This Robotic Foot Helps People Pick A Better-Fitting Prosthetic Limb

Jan 17, 2017

HuMoTech CEO Josh Caputo stands on a treadmill used to test the robotic foot his company created, which he holds in his hand.
Credit Mark Nootbaar / 90.5 WESA

When it comes to prosthetic limbs, there can be hundreds of options. Each make and model can differ in flexibility, reflex and a long list of other variables.

But it’s not always easy for someone to find that perfect fit.  

Dr. Mary Ann Miknevich runs six clinics for Medical Rehabilitation, Inc. in the Pittsburgh area and said though her clinics have a few prosthetics on site to make sure the client gets the right fit, that's not always enough. 

“It’s also excessive time on the part of the prosthetist to bring in different feet, to arrange to get them to be brought in,” she said. “Not all manufactures will allow trials of their devices.”

Patients often face limited options for such a big decision. A prosthetic limb can cost several thousand dollars and once a patient makes a decision, it could be years before an insurance company would pay for a replacement. 

This is where Mt. Lebanon-based start-up HuMoTech is looking to make a difference. President and CEO Josh Caputo is developing a robotic foot that can be programmed to exhibit all sorts of different characteristics.

“So we program this tool to mimic the behavior of these commercially available devices and the patient can come into the lab and virtually try on different products,” Caputo said.

Caputo said it feels exactly like the amputee is wearing any of the devices programmed into the machine. And it’s easy to switch among the different models.

“An analogy I like to use is that of the machine you use at the eye doctor where you try on, essentially, different eyeglass prescriptions and you select the one that allows you to see the best,” Caputo said.

HuMoTech’s machine includes a treadmill, a bunch of cabling and a fairly large motor, which means it needs a lot of space. Caputo imagines a smaller device eventually, but for now the potential market seems to be in larger clinics.

“So we’re hoping to demonstrate the realism of this experience that this mimicry really does give you the same experience as you would if you were actually physically trying on the different products,” Caputo said.

Caputo sees other potential benefits to his tool. Since the prosthetic limb being tested does not have to actually be on site, a manufacture’s marketing department could upload technical data into his system and patients could virtually try on the products even before they are built.

The data could also flow back to the manufacturer’s research division to help in new product development or customization.

“While they are walking, we change the behavior of the device and we take them through dozens of different comparisons and we can ultimately map out their preference,” Caputo said.  “We’re uniquely positioned to start offering ideas how products might behave.”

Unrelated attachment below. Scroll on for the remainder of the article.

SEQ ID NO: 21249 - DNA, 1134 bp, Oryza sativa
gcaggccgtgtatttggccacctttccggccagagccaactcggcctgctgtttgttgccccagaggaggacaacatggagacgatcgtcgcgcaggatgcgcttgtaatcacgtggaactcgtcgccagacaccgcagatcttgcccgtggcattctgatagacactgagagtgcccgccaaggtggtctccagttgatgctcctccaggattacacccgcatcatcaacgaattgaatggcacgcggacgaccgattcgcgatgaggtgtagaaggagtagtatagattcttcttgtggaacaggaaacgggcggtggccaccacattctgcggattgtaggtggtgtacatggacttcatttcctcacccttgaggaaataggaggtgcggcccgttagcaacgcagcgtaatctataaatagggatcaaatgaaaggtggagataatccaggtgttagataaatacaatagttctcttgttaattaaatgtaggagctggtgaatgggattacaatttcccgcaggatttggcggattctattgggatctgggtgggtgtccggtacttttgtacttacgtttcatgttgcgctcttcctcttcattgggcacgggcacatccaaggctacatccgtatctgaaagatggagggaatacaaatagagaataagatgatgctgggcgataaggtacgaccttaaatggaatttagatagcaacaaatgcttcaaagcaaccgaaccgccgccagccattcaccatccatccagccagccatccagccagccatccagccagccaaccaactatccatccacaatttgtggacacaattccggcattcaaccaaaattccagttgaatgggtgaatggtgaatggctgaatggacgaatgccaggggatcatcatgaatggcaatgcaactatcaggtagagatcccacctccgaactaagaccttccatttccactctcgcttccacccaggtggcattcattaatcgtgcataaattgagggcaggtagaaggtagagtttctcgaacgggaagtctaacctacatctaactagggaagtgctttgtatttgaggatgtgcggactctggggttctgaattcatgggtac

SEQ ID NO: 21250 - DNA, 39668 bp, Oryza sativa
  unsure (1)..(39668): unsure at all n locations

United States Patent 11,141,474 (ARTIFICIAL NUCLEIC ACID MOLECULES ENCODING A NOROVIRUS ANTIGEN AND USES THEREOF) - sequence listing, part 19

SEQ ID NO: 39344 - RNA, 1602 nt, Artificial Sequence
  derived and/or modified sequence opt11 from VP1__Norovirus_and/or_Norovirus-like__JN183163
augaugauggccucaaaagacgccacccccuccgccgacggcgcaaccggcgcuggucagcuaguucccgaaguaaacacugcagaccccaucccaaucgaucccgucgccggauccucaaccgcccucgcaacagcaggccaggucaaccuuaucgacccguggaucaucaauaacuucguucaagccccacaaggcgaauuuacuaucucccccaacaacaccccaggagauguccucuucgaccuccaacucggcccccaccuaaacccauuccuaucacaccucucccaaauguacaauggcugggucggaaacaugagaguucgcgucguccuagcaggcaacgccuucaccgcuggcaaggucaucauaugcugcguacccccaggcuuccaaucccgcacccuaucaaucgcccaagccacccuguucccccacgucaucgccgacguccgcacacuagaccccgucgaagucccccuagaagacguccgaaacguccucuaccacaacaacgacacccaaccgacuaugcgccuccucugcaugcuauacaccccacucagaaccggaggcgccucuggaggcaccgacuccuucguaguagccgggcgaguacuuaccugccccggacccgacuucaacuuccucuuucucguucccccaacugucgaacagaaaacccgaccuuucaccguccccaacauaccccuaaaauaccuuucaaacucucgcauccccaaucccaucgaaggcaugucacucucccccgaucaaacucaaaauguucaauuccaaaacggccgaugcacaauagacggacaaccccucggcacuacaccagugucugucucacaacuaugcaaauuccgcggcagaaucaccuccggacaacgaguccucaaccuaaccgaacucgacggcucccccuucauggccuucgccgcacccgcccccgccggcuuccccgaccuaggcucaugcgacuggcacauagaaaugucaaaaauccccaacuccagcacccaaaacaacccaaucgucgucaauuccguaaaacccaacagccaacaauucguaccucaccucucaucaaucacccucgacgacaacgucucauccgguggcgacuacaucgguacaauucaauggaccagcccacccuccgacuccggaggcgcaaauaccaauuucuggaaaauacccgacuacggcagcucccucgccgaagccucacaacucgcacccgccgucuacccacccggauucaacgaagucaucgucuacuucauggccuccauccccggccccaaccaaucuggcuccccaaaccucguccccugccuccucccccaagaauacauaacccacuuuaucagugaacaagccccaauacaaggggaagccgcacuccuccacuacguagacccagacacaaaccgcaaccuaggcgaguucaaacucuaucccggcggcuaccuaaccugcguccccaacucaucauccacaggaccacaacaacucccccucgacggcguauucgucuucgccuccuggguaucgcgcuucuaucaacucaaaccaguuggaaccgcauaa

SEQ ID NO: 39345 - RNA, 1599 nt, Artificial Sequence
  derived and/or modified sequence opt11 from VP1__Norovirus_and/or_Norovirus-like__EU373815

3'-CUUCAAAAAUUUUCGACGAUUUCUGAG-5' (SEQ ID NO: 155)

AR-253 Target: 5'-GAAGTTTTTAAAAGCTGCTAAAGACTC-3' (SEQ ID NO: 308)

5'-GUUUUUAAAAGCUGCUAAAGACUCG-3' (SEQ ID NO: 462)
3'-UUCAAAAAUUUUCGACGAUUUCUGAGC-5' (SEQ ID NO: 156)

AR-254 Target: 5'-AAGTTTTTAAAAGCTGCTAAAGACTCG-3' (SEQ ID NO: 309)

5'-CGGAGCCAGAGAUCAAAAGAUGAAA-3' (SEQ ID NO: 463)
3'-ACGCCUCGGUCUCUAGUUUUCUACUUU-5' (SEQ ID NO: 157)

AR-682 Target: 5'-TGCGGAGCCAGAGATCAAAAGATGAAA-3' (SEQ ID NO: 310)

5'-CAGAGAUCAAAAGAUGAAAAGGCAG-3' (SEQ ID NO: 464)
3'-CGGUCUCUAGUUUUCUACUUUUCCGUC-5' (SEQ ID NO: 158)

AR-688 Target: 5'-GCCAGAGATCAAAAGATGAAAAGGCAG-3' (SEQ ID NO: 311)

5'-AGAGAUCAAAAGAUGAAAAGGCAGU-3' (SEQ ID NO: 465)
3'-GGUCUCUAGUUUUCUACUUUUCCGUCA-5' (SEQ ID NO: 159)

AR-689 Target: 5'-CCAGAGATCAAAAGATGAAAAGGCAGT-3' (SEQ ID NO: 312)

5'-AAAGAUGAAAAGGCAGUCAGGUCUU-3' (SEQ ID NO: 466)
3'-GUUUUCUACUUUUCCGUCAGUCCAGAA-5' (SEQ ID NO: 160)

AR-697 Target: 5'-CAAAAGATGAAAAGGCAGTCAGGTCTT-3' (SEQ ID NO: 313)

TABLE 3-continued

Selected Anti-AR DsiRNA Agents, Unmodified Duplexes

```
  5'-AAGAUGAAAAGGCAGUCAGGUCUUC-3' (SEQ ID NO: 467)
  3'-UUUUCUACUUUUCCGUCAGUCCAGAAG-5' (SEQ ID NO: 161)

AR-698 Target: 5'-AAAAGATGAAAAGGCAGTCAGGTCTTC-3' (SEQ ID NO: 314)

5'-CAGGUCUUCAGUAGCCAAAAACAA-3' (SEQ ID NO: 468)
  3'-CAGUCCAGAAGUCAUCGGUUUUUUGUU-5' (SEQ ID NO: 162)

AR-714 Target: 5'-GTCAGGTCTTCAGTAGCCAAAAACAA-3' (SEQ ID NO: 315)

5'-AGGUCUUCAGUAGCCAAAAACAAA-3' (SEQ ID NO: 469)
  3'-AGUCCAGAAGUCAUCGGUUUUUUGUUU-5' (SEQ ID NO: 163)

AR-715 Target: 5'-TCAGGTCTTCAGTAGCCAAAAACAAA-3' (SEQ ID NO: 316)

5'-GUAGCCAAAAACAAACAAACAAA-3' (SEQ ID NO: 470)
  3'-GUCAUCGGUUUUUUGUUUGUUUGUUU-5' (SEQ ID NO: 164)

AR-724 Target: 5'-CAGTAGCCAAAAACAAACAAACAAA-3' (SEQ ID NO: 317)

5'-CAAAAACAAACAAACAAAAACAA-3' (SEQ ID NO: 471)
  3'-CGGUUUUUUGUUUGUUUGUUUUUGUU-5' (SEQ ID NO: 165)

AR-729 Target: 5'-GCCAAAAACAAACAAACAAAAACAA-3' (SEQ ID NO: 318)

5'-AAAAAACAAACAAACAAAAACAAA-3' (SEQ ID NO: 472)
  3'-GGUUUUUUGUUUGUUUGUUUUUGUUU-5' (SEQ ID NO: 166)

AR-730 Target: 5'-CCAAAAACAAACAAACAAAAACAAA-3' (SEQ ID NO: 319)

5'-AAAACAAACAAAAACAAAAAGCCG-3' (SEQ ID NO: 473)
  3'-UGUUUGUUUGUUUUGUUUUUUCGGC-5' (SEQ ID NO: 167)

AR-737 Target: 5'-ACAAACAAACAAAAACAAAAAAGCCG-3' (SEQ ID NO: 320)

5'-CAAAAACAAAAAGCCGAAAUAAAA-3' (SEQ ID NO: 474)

HuMoTech is surviving on grants and partnerships with research labs as it looks to perfect its hardware and software.

In this week's Tech Headlines: 

  • The University of Pittsburgh has created the Institute for Cyber Law, Policy and Security with former U.S. Attorney for the Western District of Pennsylvania David Hickton as its first director. Pitt Chancellor Patrick Gallagher said in a news release the university is “poised to offer significant contributions to the national discussion on cyber-related issues affecting personal, national and global security and privacy.” Along with Hickton’s experience, the institute will tap into faculty from the soon-to-be-opened School of Computing and Information. Hickton said in the same news release that the institute will help develop law, norms and rules that would apply to the legally vague cyber environment.
  • The U.S. government has accused Fiat Chrysler of failing to disclose software in some of its diesel vehicles that allows them to emit more pollution than allowed under the Clean Air Act. The EPA said it will continue to investigate the "nature and impact" of the eight software functions which regulators say caused the vehicles to emit less pollution during testing than during regular driving. The software was identified through an intensive testing program launched after Volkswagen was caught in a similar cheating scandal in 2015. The company denied any wrongdoing, saying the EPA was blowing the issue out of proportion. Fiat Chrysler told the Associated Press it intends to present its case to the incoming Trump administration. If found liable the automaker could face more than $4.5 billion in fines.

The Associated Press contributed to this report.